The stock market is volatile again, and tech has been leading the sharp plunges and huge gains.
Nervous tech investors may want to reconsider their portfolios, Exponential ETFs chief executive Phil Bak said on CNN Business' weekly Markets Now live show.
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They should start by dumping Facebook (FB).
"Investors aren't getting their money's worth," Bak told Markets Now host Richard Quest Wednesday. Bak said the company's push to correct its privacy and security mistakes of the past come at the expense of growth. Facebook has lost about a third of its value since July.
Tech stocks have become particularly volatile as interest rates rise.
For more than nine years, tech has been leading the stock market's surge. Investors have poured billions of dollars into tech stocks that have little or no profit.
Investors are growing worried that risky stocks like tech could be the first to tumble if rising rates cause economic growth to slow.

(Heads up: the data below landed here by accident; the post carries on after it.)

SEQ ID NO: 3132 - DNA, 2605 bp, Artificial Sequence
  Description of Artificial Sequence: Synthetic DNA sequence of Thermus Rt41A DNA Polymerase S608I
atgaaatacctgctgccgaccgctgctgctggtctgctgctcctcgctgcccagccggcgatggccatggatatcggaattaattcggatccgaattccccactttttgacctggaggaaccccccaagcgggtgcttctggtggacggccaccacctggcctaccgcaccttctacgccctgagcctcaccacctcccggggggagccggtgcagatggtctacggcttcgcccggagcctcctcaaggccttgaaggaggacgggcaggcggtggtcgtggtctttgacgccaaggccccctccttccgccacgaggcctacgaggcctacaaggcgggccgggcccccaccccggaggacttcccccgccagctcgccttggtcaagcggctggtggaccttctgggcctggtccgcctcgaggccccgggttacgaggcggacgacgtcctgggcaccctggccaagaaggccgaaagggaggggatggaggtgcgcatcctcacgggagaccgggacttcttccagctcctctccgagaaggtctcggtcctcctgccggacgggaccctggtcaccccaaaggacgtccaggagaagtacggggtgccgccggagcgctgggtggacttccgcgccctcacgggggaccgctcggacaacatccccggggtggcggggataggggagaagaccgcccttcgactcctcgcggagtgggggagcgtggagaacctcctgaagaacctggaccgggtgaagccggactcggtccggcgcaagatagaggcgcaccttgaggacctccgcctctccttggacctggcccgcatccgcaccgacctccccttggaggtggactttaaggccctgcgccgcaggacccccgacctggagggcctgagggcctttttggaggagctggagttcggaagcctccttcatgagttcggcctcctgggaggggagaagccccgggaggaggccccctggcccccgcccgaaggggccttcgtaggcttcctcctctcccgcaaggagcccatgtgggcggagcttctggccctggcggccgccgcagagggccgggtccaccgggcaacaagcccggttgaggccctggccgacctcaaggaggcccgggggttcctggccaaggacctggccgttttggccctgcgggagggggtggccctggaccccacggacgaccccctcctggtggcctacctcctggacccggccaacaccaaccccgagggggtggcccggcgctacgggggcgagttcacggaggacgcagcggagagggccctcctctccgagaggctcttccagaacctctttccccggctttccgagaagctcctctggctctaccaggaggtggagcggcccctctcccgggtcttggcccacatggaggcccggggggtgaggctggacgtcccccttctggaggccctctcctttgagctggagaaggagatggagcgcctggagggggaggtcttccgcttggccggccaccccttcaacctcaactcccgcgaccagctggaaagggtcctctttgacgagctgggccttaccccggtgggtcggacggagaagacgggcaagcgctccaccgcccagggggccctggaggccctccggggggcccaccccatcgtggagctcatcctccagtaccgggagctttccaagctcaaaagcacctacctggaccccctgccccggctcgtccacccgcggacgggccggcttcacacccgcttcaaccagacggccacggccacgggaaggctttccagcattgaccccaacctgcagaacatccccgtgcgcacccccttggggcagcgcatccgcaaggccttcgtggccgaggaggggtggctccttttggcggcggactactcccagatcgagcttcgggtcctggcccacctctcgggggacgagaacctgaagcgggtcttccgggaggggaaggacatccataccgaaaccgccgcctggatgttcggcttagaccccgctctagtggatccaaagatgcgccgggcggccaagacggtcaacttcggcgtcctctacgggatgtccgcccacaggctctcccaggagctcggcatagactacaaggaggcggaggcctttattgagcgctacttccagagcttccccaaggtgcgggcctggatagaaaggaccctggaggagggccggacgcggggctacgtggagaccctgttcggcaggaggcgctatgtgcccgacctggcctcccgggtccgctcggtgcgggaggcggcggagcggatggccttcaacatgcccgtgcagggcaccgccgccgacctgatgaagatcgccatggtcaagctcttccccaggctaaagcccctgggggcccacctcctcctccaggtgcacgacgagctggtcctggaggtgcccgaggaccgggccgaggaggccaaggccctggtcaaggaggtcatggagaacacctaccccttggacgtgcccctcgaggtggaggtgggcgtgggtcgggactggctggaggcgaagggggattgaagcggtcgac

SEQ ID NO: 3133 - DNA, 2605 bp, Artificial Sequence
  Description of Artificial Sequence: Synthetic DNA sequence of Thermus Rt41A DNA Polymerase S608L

"It takes a certain braveness to hold a stock while P/E ratios rise to infinity," said Bak, referring to a common measure of a stock's relative cost.
So if you pull your money out of tech, where do you invest? Should you move from tech to value stocks that pay dividends and rise in good times and in bad?
Many investors have been doing that. Recently, the market has shifted into health care, consumer staples and utilities — stocks that don't typically rise when the economy is improving.
But that might not be a great strategy, Binky Chadha, chief U.S. equity and global strategist at Deutsche Bank, said on Markets Now.
"Tech has been at a market perform [level] since May," Chadha said. "I wouldn't recommend taking money out of high-growth into value stocks. ...Tech looks great from a fundamental point of view."
Chadha thinks the economy still has room to grow. So he recommended investors continue to stay in high-growth stocks, resisting the urge to pour money into bonds as yields rise. He said next month's midterm elections will be a catalyst for stocks to keep rising.
Commodities are also a risky bet, Chadha said. He believes oil prices should be about $50 instead of $70, about where they are now. Recent events in Saudi Arabia, as well as Washington policy decisions about Venezuela and Iran, have driven up oil prices this year.
Betting on oil when the fundamentals aren't backing up oil's price could be dangerous.